About the Author(s)

Johann W.N. Tempelhoff Email symbol
Department of History, Faculty of Humanities, North-West University, Vanderbijlpark, South Africa


Tempelhoff JWN. A remarkable year with new opportunities fortransdisciplinarity. J transdiscipl res S Afr. 2020;16(1), a994. https://doi.org/10.4102/td.v16i1.994


A remarkable year with new opportunities for transdisciplinarity

Johann W.N. Tempelhoff

Copyright: © 2020. The Author(s). Licensee: AOSIS.
This is an Open Access article distributed under the terms of the Creative Commons Attribution License, which permits unrestricted use, distribution, and reproduction in any medium, provided the original work is properly cited.

The year 2020 will go down in history as a time when the COVID19 pandemic did spread from the city of Wuhan in China to most parts of the globe in the wink of an eye. It has had a profound impact on the way we humans, in an emerging global society, have started doing things. Apart from online meetings, shopping and growing streams of social media information, there have also been many self-assessments on how we as individuals and communities engage with the rest of society. For humankind, it has been a time of growing self-awareness that is bound to have a profound effect on how we move into the future.

The year 2020 also marked the 15th anniversary of The Journal for Transdisciplinary Research in Southern Africa. In 2005, the field of transdisciplinary studies had only started flowering in parts of the world. In Western Europe, the concept was embraced in the early 1970s by a small group of influential thinkers, which included Erich Jantsch (1929-1980) and Jean Piaget (1896-1980). However, Jantsch’s insights1,2 only gained traction some two decades later. By that time, a signal shift had taken place in global society. It was notable for the quest to seek new areas of knowledge, no longer confined exclusively to the academic ivory tower. Since then, there have been major adjustments in the way we create knowledge in the field of academic transdisciplinary research. It has been all about collaborative work, mutual respect for disciplinary boundaries, and the need for foreground socioecological systems and their complexity by working with all role players towards the co-construction of meaningful science.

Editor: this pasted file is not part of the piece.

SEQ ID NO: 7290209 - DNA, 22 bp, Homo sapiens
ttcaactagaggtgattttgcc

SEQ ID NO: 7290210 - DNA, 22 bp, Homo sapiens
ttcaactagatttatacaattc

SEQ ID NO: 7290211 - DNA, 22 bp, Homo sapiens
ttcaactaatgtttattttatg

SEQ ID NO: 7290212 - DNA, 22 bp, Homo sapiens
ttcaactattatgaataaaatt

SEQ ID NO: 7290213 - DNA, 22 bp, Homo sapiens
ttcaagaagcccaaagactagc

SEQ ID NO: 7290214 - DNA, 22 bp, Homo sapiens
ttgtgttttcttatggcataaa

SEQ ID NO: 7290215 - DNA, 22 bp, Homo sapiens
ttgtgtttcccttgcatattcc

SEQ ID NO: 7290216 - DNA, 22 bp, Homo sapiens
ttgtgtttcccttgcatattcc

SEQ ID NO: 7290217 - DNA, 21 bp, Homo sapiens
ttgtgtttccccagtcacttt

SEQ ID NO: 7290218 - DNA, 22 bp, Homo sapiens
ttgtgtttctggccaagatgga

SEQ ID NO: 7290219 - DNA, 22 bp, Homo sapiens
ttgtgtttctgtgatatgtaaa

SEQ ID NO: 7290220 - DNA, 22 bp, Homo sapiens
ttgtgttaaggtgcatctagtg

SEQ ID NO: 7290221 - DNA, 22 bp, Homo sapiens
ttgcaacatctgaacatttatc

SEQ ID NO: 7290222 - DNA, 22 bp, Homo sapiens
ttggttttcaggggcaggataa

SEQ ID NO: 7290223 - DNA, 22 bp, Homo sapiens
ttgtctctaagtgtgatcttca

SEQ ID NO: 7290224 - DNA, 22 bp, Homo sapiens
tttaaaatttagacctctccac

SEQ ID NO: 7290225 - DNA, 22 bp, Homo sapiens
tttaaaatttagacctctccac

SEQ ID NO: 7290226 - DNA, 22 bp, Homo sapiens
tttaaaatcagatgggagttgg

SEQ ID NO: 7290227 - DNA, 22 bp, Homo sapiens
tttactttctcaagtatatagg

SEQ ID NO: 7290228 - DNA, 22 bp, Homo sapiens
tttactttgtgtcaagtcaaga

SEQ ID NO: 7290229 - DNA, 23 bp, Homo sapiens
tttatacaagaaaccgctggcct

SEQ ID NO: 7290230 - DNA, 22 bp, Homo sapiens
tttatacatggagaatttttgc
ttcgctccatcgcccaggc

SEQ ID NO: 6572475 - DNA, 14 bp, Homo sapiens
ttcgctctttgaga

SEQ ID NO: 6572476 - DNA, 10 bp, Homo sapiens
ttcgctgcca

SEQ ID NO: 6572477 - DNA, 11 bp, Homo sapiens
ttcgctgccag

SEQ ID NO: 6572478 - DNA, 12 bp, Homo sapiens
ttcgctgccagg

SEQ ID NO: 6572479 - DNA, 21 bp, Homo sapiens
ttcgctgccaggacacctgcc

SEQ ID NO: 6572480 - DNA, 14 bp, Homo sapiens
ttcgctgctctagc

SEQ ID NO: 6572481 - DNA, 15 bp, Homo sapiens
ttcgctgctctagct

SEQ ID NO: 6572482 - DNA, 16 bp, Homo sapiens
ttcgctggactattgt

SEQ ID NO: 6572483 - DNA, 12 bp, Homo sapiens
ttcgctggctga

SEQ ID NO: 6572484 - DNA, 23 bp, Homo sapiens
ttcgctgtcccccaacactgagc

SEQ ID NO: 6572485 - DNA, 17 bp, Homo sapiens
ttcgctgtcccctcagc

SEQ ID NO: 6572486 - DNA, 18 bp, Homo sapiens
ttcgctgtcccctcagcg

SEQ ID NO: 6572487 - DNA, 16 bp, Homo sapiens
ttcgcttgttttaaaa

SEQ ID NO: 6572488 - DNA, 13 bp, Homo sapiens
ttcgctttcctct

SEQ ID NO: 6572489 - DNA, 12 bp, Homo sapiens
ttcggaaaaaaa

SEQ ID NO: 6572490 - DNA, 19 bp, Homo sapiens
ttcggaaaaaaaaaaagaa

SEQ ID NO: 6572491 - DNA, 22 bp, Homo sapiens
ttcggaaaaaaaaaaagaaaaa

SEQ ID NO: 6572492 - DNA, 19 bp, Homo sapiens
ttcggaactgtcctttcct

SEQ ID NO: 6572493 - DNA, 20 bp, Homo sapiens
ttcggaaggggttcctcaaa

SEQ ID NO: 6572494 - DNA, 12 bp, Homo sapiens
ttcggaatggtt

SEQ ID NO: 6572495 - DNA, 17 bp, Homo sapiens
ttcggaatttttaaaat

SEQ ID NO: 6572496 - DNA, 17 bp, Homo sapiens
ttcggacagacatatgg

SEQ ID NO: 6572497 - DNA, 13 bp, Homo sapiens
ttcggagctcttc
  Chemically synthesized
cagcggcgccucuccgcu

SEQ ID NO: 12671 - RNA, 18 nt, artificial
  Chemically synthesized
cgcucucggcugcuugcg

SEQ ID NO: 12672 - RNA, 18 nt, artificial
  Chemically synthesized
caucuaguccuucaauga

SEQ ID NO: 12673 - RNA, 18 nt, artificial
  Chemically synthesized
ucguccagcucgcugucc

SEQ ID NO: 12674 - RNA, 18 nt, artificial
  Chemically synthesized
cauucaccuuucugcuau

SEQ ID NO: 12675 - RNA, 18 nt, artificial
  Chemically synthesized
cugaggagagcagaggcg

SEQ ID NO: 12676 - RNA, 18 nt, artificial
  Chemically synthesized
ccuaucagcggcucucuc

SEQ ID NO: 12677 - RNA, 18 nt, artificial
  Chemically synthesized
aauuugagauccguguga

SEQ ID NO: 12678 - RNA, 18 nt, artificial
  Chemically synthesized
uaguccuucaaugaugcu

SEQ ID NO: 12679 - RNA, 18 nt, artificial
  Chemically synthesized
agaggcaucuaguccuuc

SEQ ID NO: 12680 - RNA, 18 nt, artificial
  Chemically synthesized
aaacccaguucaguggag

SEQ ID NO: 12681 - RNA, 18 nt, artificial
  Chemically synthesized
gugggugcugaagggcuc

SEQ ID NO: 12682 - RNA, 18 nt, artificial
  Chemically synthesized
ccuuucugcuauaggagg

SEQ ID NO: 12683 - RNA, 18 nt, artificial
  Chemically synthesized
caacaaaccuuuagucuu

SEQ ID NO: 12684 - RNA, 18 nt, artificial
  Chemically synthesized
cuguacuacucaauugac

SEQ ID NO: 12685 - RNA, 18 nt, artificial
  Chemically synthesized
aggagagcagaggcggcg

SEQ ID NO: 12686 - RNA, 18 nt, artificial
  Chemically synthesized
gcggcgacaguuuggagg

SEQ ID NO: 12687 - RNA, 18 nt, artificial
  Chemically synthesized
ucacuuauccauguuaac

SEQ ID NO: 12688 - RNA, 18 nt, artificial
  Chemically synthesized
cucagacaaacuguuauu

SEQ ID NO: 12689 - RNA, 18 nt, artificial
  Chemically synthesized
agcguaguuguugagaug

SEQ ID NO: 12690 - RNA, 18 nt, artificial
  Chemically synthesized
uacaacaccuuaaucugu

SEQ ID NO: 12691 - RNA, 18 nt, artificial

In South Africa, the field has flowered, especially in the fields of sustainability studies; health and medicine; environmental studies and in various branches of the humanities, social and natural sciences. Leading South African researchers have found that in our country we may have to resort to adjustments to the way in which we conduct transdisciplinary research. It may quite well also be the case for the rest of Africa and even the Southern Hemisphere countries of the globe. Van Breda and Swilling,3 based on their research on urban informal settlement case studies in Western Cape recently came to the conclusion that under local South African conditions, there is a need for adjustments in the way we carry out transdisciplinary research. Their novel approach, emergent transdisciplinary design research (ETDR), implies that a research project’s execution is constantly subject to change, adaptation and co-design. In the execution of a project, there are constant dynamics at work in the interplay between theory and practice. We need more breakthroughs in knowledge generation of this kind when dealing with the unique challenges to local and continental research.

Since its transfer to AOSIS Publishers in 2016, the journal has made a number of transitions. The major benefit was a smooth transition to a professional team of technical and editorial assistants, who are passionate and dedicated to good-quality, open access publishing. The transition was laden with uncertainties, but simultaneously also produced valuable fertile fields for garnering new types of knowledge – especially rooted in a Southern African setting. There have also been a number of valued continental contributions.